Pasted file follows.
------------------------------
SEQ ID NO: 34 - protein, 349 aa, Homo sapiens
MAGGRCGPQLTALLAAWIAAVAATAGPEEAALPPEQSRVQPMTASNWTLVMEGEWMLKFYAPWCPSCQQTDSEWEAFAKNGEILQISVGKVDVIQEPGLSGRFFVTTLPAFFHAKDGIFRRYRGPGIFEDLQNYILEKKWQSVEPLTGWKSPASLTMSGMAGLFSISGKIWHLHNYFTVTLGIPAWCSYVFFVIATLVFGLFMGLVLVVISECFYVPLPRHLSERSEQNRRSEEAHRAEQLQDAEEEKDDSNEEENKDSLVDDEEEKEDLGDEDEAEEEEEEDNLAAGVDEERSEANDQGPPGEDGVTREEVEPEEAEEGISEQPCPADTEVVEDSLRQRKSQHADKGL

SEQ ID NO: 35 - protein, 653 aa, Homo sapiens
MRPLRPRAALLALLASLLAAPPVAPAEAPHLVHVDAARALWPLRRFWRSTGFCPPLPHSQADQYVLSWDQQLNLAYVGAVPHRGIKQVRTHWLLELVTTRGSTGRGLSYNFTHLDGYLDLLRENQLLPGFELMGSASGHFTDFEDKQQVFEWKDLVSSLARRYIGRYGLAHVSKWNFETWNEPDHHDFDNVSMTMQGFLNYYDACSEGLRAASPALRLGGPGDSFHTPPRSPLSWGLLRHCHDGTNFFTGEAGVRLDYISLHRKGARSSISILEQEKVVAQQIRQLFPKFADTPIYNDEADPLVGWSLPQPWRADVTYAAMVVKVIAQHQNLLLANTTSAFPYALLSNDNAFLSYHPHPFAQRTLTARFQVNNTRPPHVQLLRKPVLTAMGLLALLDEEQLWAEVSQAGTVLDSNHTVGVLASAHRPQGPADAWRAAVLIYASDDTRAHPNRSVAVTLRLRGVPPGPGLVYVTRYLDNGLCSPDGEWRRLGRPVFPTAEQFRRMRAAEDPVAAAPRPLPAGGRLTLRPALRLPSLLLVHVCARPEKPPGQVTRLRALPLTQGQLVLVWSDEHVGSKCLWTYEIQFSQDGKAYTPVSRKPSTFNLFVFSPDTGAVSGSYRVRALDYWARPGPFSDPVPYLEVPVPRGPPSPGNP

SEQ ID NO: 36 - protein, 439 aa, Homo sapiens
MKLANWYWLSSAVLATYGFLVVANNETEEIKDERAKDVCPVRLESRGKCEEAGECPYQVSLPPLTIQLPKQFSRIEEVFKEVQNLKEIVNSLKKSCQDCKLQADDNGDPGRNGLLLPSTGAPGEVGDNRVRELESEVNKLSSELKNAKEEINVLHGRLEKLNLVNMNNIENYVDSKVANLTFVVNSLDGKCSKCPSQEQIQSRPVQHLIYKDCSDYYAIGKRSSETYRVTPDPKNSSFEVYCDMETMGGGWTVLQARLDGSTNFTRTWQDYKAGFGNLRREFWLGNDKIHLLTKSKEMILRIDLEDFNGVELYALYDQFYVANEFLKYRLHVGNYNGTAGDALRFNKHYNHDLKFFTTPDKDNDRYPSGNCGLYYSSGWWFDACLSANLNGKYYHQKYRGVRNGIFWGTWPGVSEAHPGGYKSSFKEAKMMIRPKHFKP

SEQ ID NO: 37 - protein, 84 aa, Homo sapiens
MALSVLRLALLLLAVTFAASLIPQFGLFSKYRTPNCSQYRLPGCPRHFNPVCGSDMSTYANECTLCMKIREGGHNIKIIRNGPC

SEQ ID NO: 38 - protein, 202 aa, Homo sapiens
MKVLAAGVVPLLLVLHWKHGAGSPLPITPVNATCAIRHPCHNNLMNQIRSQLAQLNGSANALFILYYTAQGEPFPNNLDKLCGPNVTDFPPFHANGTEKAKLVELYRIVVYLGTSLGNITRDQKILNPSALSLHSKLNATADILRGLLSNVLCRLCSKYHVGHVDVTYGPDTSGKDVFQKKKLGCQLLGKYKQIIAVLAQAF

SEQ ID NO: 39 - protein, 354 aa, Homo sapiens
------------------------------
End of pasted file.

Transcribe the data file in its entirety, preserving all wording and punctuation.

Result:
SEQ ID NO: 34 - protein, 349 aa, Homo sapiens
MAGGRCGPQLTALLAAWIAAVAATAGPEEAALPPEQSRVQPMTASNWTLVMEGEWMLKFYAPWCPSCQQTDSEWEAFAKNGEILQISVGKVDVIQEPGLSGRFFVTTLPAFFHAKDGIFRRYRGPGIFEDLQNYILEKKWQSVEPLTGWKSPASLTMSGMAGLFSISGKIWHLHNYFTVTLGIPAWCSYVFFVIATLVFGLFMGLVLVVISECFYVPLPRHLSERSEQNRRSEEAHRAEQLQDAEEEKDDSNEEENKDSLVDDEEEKEDLGDEDEAEEEEEEDNLAAGVDEERSEANDQGPPGEDGVTREEVEPEEAEEGISEQPCPADTEVVEDSLRQRKSQHADKGL

SEQ ID NO: 35 - protein, 653 aa, Homo sapiens
MRPLRPRAALLALLASLLAAPPVAPAEAPHLVHVDAARALWPLRRFWRSTGFCPPLPHSQADQYVLSWDQQLNLAYVGAVPHRGIKQVRTHWLLELVTTRGSTGRGLSYNFTHLDGYLDLLRENQLLPGFELMGSASGHFTDFEDKQQVFEWKDLVSSLARRYIGRYGLAHVSKWNFETWNEPDHHDFDNVSMTMQGFLNYYDACSEGLRAASPALRLGGPGDSFHTPPRSPLSWGLLRHCHDGTNFFTGEAGVRLDYISLHRKGARSSISILEQEKVVAQQIRQLFPKFADTPIYNDEADPLVGWSLPQPWRADVTYAAMVVKVIAQHQNLLLANTTSAFPYALLSNDNAFLSYHPHPFAQRTLTARFQVNNTRPPHVQLLRKPVLTAMGLLALLDEEQLWAEVSQAGTVLDSNHTVGVLASAHRPQGPADAWRAAVLIYASDDTRAHPNRSVAVTLRLRGVPPGPGLVYVTRYLDNGLCSPDGEWRRLGRPVFPTAEQFRRMRAAEDPVAAAPRPLPAGGRLTLRPALRLPSLLLVHVCARPEKPPGQVTRLRALPLTQGQLVLVWSDEHVGSKCLWTYEIQFSQDGKAYTPVSRKPSTFNLFVFSPDTGAVSGSYRVRALDYWARPGPFSDPVPYLEVPVPRGPPSPGNP

SEQ ID NO: 36 - protein, 439 aa, Homo sapiens
MKLANWYWLSSAVLATYGFLVVANNETEEIKDERAKDVCPVRLESRGKCEEAGECPYQVSLPPLTIQLPKQFSRIEEVFKEVQNLKEIVNSLKKSCQDCKLQADDNGDPGRNGLLLPSTGAPGEVGDNRVRELESEVNKLSSELKNAKEEINVLHGRLEKLNLVNMNNIENYVDSKVANLTFVVNSLDGKCSKCPSQEQIQSRPVQHLIYKDCSDYYAIGKRSSETYRVTPDPKNSSFEVYCDMETMGGGWTVLQARLDGSTNFTRTWQDYKAGFGNLRREFWLGNDKIHLLTKSKEMILRIDLEDFNGVELYALYDQFYVANEFLKYRLHVGNYNGTAGDALRFNKHYNHDLKFFTTPDKDNDRYPSGNCGLYYSSGWWFDACLSANLNGKYYHQKYRGVRNGIFWGTWPGVSEAHPGGYKSSFKEAKMMIRPKHFKP

SEQ ID NO: 37 - protein, 84 aa, Homo sapiens
MALSVLRLALLLLAVTFAASLIPQFGLFSKYRTPNCSQYRLPGCPRHFNPVCGSDMSTYANECTLCMKIREGGHNIKIIRNGPC

SEQ ID NO: 38 - protein, 202 aa, Homo sapiens
MKVLAAGVVPLLLVLHWKHGAGSPLPITPVNATCAIRHPCHNNLMNQIRSQLAQLNGSANALFILYYTAQGEPFPNNLDKLCGPNVTDFPPFHANGTEKAKLVELYRIVVYLGTSLGNITRDQKILNPSALSLHSKLNATADILRGLLSNVLCRLCSKYHVGHVDVTYGPDTSGKDVFQKKKLGCQLLGKYKQIIAVLAQAF

SEQ ID NO: 39 - protein, 354 aa, Homo sapiens